The astounding thing to me is how the more we build out the product, the more use cases we discover for our technology.
What was it like at the beginning…when you were “officially” the first employee?
The first day I showed up to work at Andrew’s apartment in Venice, in May of 2014, the moving company was delivering a couch and chairs for us to sit on—talk about start-up vibes! In those early days, we would check in multiple times a week as a whole company, and things were incredibly informal. I talked through literally every design choice with nearly the whole company, and if I missed a day or two (I was finishing grad school for that first year), it felt like I had missed a lot. As we started hiring more people, processes naturally formalized, teams formed, and more structure emerged. It’s crazy to think this is still that same company, and there have been so many different eras of Signal Sciences since then, but the culture of being curious, helpful, and failing quickly so we can learn faster has remained. The love of laughing together and cooking for each other at the office (we have a real office in Venice now) is stronger than ever, which is incredibly awesome that it has remained a part of our identity as we’ve grown to nearly 30 people.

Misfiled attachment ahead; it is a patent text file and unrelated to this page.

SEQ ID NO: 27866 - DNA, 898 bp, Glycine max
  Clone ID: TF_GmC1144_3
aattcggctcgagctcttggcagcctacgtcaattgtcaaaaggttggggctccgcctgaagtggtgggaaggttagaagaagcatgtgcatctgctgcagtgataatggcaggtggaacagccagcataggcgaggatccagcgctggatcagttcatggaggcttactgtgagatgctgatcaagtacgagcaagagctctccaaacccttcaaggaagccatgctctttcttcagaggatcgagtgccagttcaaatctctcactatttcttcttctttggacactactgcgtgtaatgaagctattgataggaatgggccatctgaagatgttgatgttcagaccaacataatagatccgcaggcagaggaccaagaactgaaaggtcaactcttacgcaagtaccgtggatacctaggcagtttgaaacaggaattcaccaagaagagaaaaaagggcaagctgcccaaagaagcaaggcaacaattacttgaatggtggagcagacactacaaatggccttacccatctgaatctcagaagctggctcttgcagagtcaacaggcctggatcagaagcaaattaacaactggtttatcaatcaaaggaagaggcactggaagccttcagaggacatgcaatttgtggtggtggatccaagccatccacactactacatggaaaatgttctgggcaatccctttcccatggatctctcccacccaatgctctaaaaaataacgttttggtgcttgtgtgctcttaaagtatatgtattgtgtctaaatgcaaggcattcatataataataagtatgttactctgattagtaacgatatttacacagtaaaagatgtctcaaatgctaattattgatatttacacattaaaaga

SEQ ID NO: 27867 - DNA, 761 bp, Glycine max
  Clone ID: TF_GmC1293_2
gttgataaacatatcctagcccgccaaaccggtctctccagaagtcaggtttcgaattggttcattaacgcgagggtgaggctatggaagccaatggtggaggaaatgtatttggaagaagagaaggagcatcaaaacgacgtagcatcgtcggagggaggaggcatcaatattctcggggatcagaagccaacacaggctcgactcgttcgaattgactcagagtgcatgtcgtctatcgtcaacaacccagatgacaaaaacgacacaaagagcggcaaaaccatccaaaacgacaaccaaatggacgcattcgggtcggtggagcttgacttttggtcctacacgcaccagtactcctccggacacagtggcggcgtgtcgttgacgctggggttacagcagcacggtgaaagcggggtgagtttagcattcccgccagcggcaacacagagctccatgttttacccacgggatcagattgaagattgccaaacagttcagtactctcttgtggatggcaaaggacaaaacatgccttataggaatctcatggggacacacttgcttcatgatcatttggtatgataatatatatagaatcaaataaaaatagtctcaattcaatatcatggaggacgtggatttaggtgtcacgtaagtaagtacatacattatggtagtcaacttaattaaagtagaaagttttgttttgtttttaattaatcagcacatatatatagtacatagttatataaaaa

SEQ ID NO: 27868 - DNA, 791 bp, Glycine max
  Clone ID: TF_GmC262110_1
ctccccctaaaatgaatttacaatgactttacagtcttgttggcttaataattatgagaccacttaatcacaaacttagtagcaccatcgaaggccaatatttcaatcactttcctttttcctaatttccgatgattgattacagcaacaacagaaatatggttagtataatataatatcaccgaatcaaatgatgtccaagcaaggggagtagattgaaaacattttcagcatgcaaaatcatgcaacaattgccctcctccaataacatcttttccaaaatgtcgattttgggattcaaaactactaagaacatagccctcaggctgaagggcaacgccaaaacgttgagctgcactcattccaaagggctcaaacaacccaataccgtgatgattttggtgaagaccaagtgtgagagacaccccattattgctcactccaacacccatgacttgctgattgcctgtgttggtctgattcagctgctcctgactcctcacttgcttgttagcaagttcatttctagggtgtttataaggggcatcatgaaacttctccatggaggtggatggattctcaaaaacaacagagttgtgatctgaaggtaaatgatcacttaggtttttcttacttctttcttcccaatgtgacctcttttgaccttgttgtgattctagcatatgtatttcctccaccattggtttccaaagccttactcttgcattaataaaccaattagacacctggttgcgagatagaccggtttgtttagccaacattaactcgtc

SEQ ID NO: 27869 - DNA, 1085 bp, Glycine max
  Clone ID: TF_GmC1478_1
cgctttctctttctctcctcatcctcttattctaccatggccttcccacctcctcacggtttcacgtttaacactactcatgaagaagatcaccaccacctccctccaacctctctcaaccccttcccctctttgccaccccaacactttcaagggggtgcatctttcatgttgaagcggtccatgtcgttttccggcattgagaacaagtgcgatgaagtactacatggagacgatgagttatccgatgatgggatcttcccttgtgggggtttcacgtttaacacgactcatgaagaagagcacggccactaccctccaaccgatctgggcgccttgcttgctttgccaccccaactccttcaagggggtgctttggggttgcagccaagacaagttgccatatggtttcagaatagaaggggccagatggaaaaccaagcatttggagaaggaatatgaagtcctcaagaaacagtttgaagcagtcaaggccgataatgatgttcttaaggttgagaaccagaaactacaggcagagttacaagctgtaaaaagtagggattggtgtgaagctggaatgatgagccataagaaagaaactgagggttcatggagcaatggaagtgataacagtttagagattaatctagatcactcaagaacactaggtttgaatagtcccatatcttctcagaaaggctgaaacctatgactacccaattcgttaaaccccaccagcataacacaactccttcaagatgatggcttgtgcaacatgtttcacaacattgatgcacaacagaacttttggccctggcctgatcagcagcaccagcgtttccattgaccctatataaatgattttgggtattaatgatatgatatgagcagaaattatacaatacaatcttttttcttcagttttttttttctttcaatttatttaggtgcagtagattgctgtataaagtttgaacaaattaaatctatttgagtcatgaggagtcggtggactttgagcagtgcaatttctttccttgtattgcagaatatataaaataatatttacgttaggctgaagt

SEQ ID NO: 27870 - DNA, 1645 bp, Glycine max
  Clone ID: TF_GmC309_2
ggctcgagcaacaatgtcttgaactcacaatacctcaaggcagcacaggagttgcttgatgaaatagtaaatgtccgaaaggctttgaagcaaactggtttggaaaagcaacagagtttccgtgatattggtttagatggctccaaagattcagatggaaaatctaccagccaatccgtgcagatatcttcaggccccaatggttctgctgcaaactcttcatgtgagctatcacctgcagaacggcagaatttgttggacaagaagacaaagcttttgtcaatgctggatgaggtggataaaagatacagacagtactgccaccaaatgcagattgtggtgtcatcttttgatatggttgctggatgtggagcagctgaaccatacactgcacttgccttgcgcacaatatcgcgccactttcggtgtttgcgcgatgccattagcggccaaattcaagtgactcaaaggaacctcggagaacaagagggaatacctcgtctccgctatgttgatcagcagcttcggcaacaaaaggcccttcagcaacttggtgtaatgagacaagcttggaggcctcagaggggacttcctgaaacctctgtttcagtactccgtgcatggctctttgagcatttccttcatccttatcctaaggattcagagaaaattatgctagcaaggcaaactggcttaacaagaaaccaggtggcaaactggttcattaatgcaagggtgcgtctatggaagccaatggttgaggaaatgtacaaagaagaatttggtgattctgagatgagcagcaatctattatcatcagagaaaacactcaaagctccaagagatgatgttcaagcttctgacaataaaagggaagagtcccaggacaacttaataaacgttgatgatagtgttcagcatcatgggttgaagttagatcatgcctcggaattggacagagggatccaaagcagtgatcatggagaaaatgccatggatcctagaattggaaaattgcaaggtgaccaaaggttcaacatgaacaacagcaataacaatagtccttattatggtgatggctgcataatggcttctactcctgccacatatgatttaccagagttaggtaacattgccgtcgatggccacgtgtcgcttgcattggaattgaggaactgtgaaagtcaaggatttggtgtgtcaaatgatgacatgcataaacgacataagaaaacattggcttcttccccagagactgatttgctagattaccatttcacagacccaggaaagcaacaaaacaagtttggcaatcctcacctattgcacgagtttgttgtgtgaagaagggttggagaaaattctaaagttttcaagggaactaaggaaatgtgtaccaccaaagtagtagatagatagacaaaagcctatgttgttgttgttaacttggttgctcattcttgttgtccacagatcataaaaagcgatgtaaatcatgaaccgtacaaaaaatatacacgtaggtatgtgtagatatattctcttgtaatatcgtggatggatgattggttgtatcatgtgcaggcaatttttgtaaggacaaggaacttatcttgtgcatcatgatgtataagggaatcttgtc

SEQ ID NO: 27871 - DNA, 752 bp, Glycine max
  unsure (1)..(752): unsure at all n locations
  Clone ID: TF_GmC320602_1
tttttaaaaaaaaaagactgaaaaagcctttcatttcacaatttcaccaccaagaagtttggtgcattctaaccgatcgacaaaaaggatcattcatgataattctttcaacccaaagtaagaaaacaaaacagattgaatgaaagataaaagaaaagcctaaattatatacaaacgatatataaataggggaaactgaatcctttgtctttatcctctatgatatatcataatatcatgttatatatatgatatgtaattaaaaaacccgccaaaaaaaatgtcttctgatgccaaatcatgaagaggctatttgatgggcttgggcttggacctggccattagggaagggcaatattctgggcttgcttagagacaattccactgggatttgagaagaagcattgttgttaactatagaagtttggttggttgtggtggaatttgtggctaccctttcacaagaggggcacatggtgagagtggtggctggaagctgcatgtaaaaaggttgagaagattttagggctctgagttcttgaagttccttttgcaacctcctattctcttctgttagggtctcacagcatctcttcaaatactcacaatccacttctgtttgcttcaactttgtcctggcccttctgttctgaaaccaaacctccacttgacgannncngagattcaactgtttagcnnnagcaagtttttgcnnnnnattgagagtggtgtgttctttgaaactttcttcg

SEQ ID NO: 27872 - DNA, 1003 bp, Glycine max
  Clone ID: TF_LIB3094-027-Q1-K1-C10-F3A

It’s crazy to think this is still that same company, and there have been so many different eras of Signal Sciences since then, but the culture of being curious, helpful, and failing quickly so we can learn faster has remained.